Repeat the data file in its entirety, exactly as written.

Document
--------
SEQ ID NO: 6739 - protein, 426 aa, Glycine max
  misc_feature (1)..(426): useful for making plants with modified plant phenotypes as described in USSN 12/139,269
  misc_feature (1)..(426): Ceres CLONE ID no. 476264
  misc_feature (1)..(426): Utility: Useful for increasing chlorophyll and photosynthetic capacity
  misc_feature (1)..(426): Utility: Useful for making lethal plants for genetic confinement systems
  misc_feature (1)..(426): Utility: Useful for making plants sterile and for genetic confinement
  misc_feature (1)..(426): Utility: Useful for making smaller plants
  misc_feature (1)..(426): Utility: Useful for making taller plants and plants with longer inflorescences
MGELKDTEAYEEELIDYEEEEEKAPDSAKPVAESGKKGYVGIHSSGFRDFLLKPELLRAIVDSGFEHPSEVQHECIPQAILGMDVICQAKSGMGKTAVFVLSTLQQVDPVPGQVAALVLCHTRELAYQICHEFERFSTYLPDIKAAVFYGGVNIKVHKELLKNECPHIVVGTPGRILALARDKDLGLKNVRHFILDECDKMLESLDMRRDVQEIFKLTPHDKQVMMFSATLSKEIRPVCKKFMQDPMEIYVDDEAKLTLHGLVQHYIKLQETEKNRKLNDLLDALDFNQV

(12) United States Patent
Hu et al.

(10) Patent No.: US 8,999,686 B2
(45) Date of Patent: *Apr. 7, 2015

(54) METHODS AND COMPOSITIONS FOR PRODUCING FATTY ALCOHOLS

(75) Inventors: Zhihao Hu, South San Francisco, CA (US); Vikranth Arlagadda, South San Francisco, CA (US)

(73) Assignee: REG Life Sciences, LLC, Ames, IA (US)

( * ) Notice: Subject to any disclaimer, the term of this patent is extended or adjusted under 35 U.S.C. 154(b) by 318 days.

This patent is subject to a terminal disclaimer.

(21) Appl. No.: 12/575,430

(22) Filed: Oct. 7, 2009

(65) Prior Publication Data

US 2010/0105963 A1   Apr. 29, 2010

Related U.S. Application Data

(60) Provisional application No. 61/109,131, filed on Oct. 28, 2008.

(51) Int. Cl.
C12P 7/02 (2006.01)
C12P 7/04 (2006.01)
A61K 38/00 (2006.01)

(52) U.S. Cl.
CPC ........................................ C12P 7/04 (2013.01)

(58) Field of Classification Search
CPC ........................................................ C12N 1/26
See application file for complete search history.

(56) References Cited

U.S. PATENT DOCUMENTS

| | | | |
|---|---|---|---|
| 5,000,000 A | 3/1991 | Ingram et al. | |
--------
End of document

SEQ ID NO: 6739 - protein, 426 aa, Glycine max
  misc_feature (1)..(426): useful for making plants with modified plant phenotypes as described in USSN 12/139,269
  misc_feature (1)..(426): Ceres CLONE ID no. 476264
  misc_feature (1)..(426): Utility: Useful for increasing chlorophyll and photosynthetic capacity
  misc_feature (1)..(426): Utility: Useful for making lethal plants for genetic confinement systems
  misc_feature (1)..(426): Utility: Useful for making plants sterile and for genetic confinement
  misc_feature (1)..(426): Utility: Useful for making smaller plants
  misc_feature (1)..(426): Utility: Useful for making taller plants and plants with longer inflorescences
MGELKDTEAYEEELIDYEEEEEKAPDSAKPVAESGKKGYVGIHSSGFRDFLLKPELLRAIVDSGFEHPSEVQHECIPQAILGMDVICQAKSGMGKTAVFVLSTLQQVDPVPGQVAALVLCHTRELAYQICHEFERFSTYLPDIKAAVFYGGVNIKVHKELLKNECPHIVVGTPGRILALARDKDLGLKNVRHFILDECDKMLESLDMRRDVQEIFKLTPHDKQVMMFSATLSKEIRPVCKKFMQDPMEIYVDDEAKLTLHGLVQHYIKLQETEKNRKLNDLLDALDFNQV

(12) United States Patent
Hu et al.

(10) Patent No.: US 8,999,686 B2
(45) Date of Patent: *Apr. 7, 2015

(54) METHODS AND COMPOSITIONS FOR PRODUCING FATTY ALCOHOLS

(75) Inventors: Zhihao Hu, South San Francisco, CA (US); Vikranth Arlagadda, South San Francisco, CA (US)

(73) Assignee: REG Life Sciences, LLC, Ames, IA (US)

( * ) Notice: Subject to any disclaimer, the term of this patent is extended or adjusted under 35 U.S.C. 154(b) by 318 days.

This patent is subject to a terminal disclaimer.

(21) Appl. No.: 12/575,430

(22) Filed: Oct. 7, 2009

(65) Prior Publication Data

US 2010/0105963 A1   Apr. 29, 2010

Related U.S. Application Data

(60) Provisional application No. 61/109,131, filed on Oct. 28, 2008.

(51) Int. Cl.
C12P 7/02 (2006.01)
C12P 7/04 (2006.01)
A61K 38/00 (2006.01)

(52) U.S. Cl.
CPC ........................................ C12P 7/04 (2013.01)

(58) Field of Classification Search
CPC ........................................................ C12N 1/26
See application file for complete search history.

(56) References Cited

U.S. PATENT DOCUMENTS

| | | | |
|---|---|---|---|
| 5,000,000 A | 3/1991 | Ingram et al. | |